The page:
Image Recognition Algorithms, Google, and Racial Sensitivity

Image Recognition Algorithms, Google, and Racial Sensitivity

Image Recognition Algorithms, Google, and Racial Sensitivity
Photo via @jackyalcine

Last week, Google’s brand-new image recognition program had a major failure when it identified two black people as gorillas. Obviously, this delivered the all-important reminder that image recognition algorithms have much to learn about context and sensitivity.

The misfire first surfaced via a screenshot posted last week by Twitter user @jackyalcine. The screenshot showed that the recently released Google photos app had categorized a picture of a black man and a black woman into a category named “Gorillas.”

@jackyalcine used some foul language, understandably so, when the app called his friend an ape – largely considered a racial slur directed at a black person.

It didn’t take two hours for a Google engineer to respond to @jackyalcine, asking for access to his account to troubleshoot the high-profile mistake. Yonatan Zunger, chief architect of Google’s social products, tweeted later in reference to the problem: “Sheesh. High on my list of bugs you never want to see happen. Shudder.”

Clearly, this was a complete accident on the part of Google. “We’re appalled and genuinely sorry that this happened,” said company spokeswoman Katie Watson, referring to the imperfect image recognition algorithm. “We are taking immediate action to prevent this type of result from appearing.”

Despite the apology, the mistake comes at an inopportune time for the tech giant, considering it is one of the Silicon Valley elite that has been defending itself against accusations of hiring discrimination. After all, Google is similar to Facebook and other tech giants in that most of their employees are white or Asian.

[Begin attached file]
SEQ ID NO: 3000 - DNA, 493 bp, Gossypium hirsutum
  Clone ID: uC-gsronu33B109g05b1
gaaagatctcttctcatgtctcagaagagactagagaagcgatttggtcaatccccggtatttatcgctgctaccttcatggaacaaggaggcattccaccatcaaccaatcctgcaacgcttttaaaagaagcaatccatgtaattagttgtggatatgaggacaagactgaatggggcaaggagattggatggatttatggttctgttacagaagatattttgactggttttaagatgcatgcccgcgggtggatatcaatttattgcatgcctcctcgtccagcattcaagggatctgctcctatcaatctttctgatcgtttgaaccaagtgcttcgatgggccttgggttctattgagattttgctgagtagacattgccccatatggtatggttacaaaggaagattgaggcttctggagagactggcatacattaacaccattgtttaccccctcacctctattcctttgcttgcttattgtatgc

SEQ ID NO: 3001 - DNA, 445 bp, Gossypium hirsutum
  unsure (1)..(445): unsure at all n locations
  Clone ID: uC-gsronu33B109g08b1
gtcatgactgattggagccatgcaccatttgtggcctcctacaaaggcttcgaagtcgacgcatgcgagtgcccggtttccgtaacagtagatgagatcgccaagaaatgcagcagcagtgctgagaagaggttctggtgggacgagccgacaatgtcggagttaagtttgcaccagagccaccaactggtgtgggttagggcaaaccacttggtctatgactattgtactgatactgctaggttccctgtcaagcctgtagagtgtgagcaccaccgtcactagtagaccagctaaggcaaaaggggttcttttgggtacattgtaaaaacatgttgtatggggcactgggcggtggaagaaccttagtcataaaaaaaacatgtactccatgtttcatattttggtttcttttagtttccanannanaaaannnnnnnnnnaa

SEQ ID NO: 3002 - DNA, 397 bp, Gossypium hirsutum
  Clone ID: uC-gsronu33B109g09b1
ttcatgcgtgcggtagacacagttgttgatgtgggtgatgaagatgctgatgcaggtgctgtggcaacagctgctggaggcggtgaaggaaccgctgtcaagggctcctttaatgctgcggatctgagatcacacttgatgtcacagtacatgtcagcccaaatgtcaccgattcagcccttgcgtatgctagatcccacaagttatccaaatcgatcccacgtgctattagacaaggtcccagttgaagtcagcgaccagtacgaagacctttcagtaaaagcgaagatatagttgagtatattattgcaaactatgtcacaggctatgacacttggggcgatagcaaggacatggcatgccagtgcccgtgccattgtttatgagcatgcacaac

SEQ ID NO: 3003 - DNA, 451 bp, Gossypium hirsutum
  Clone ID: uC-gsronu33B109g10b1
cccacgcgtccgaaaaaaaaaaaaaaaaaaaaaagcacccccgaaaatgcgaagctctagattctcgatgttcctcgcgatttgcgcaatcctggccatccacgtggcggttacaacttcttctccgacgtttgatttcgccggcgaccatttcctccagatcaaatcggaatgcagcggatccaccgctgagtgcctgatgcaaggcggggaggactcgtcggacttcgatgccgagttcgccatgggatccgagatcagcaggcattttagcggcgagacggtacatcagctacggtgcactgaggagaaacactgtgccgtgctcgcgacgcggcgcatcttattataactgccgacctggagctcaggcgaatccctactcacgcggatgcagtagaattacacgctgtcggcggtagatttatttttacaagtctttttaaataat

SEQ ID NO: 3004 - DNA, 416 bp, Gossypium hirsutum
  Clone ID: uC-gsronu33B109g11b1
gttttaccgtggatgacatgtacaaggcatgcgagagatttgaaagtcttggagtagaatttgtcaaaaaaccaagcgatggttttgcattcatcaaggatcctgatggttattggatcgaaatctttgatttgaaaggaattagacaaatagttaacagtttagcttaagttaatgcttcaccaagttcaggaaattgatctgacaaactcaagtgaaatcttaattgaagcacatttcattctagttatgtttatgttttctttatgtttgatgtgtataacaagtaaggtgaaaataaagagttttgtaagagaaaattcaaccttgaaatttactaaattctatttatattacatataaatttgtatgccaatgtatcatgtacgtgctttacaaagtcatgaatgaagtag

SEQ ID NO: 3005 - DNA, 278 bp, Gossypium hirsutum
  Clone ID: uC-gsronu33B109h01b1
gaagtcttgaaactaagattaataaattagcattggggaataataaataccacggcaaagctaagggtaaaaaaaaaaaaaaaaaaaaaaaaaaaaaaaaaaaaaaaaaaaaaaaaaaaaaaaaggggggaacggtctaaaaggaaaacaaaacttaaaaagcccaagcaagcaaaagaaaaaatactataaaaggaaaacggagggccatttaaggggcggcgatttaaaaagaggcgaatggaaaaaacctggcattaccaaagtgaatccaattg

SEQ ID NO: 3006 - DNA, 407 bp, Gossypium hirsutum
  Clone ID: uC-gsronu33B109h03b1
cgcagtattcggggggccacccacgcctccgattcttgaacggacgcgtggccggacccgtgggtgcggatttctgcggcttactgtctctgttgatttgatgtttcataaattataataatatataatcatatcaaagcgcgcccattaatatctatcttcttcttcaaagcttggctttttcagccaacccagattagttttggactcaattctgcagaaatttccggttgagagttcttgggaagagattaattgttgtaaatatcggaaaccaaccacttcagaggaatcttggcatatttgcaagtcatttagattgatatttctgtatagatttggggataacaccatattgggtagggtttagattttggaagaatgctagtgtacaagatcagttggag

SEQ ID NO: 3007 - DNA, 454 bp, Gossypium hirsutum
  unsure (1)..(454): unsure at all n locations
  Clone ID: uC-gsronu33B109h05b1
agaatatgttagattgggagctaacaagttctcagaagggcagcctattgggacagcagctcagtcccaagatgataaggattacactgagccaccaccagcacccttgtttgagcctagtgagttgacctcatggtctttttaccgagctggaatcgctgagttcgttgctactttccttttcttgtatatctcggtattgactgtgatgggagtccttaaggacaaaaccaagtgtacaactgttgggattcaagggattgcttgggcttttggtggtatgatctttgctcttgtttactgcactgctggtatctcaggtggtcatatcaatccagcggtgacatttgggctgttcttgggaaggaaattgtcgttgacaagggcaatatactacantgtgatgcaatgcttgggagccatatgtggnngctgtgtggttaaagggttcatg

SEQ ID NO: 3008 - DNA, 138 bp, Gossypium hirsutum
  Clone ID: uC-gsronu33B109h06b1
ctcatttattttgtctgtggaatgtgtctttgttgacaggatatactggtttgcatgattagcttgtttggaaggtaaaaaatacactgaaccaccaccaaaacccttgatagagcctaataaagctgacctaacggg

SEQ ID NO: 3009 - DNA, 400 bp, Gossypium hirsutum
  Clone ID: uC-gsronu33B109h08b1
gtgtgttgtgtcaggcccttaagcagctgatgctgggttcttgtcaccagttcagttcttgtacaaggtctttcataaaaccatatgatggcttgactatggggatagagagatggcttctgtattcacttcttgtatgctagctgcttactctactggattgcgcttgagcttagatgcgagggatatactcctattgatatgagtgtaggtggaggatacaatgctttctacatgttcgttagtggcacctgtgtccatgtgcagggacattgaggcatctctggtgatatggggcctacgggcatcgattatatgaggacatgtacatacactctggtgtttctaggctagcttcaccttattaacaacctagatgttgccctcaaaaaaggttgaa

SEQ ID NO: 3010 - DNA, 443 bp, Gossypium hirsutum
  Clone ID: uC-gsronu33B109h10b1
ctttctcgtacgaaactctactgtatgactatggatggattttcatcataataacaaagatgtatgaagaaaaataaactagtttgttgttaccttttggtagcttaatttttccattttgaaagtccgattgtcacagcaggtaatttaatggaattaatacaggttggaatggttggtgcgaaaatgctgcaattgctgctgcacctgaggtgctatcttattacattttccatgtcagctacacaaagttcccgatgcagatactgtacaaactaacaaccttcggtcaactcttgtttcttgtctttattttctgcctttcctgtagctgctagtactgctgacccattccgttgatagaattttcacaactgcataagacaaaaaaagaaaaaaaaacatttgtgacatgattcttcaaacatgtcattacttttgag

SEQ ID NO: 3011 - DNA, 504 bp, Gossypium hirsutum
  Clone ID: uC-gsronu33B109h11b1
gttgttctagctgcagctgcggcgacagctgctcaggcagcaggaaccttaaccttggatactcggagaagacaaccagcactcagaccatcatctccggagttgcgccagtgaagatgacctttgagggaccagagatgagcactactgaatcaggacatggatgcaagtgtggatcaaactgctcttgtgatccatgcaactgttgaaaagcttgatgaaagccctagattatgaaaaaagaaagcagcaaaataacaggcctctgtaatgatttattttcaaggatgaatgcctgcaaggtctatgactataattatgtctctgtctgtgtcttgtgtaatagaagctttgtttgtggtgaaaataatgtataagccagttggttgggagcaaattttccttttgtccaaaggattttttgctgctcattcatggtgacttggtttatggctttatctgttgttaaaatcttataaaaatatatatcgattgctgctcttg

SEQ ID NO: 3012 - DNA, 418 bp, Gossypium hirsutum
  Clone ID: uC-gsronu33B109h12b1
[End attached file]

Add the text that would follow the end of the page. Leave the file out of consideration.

Obviously, there have been significant racial tensions in the US, considering the recent unjust police killings of black people, not to mention the murder in June of nine black people in a church in Charleston, South Carolina. But of course, that’s the problem with computers –the don’t understand context and don’t realize that this is a particularly bad time to make a racially insensitive mistake.

Of course, the app has made other mistakes– something that Google executives warned would happen ahead of time.Some people have inadvertently been categorized as seals or even horses. However, there’s not much of an issue of historical sensitivity surrounding mistaking people for seals, is there? More similar to Google’s error was the one made by Yahoo’s Flickr service, which also tagged black people as apes, and even accidentally referred to a Nazi concentration camp as a “jungle gym.” But luckily for Yahoo, not nearly as many people are paying attention to them.

After the gorilla incident, some commentators on social media started wondering aloud if the flaws in Google’s image recognition algorithms stemmed from the fact that roughly one in one hundred Google technology workers happen to be black, whereas about 94% are white or Asian.

 

Jeremy Goldman has been working with companies looking to take their operations online and inject “social” into their processes for over a decade. After a career at L'Oreal and Unilever, Jeremy founded Firebrand Group. His views have been featured in publications such as Inc., Mashable, Wall Street Journal, Smart Money, ReadWriteWeb, and The Next Web. His first book, Going Social: Excite Customers, Generate Buzz, and Energize Your Brand with the Power of Social Media hit the #1 spot on for social media and business.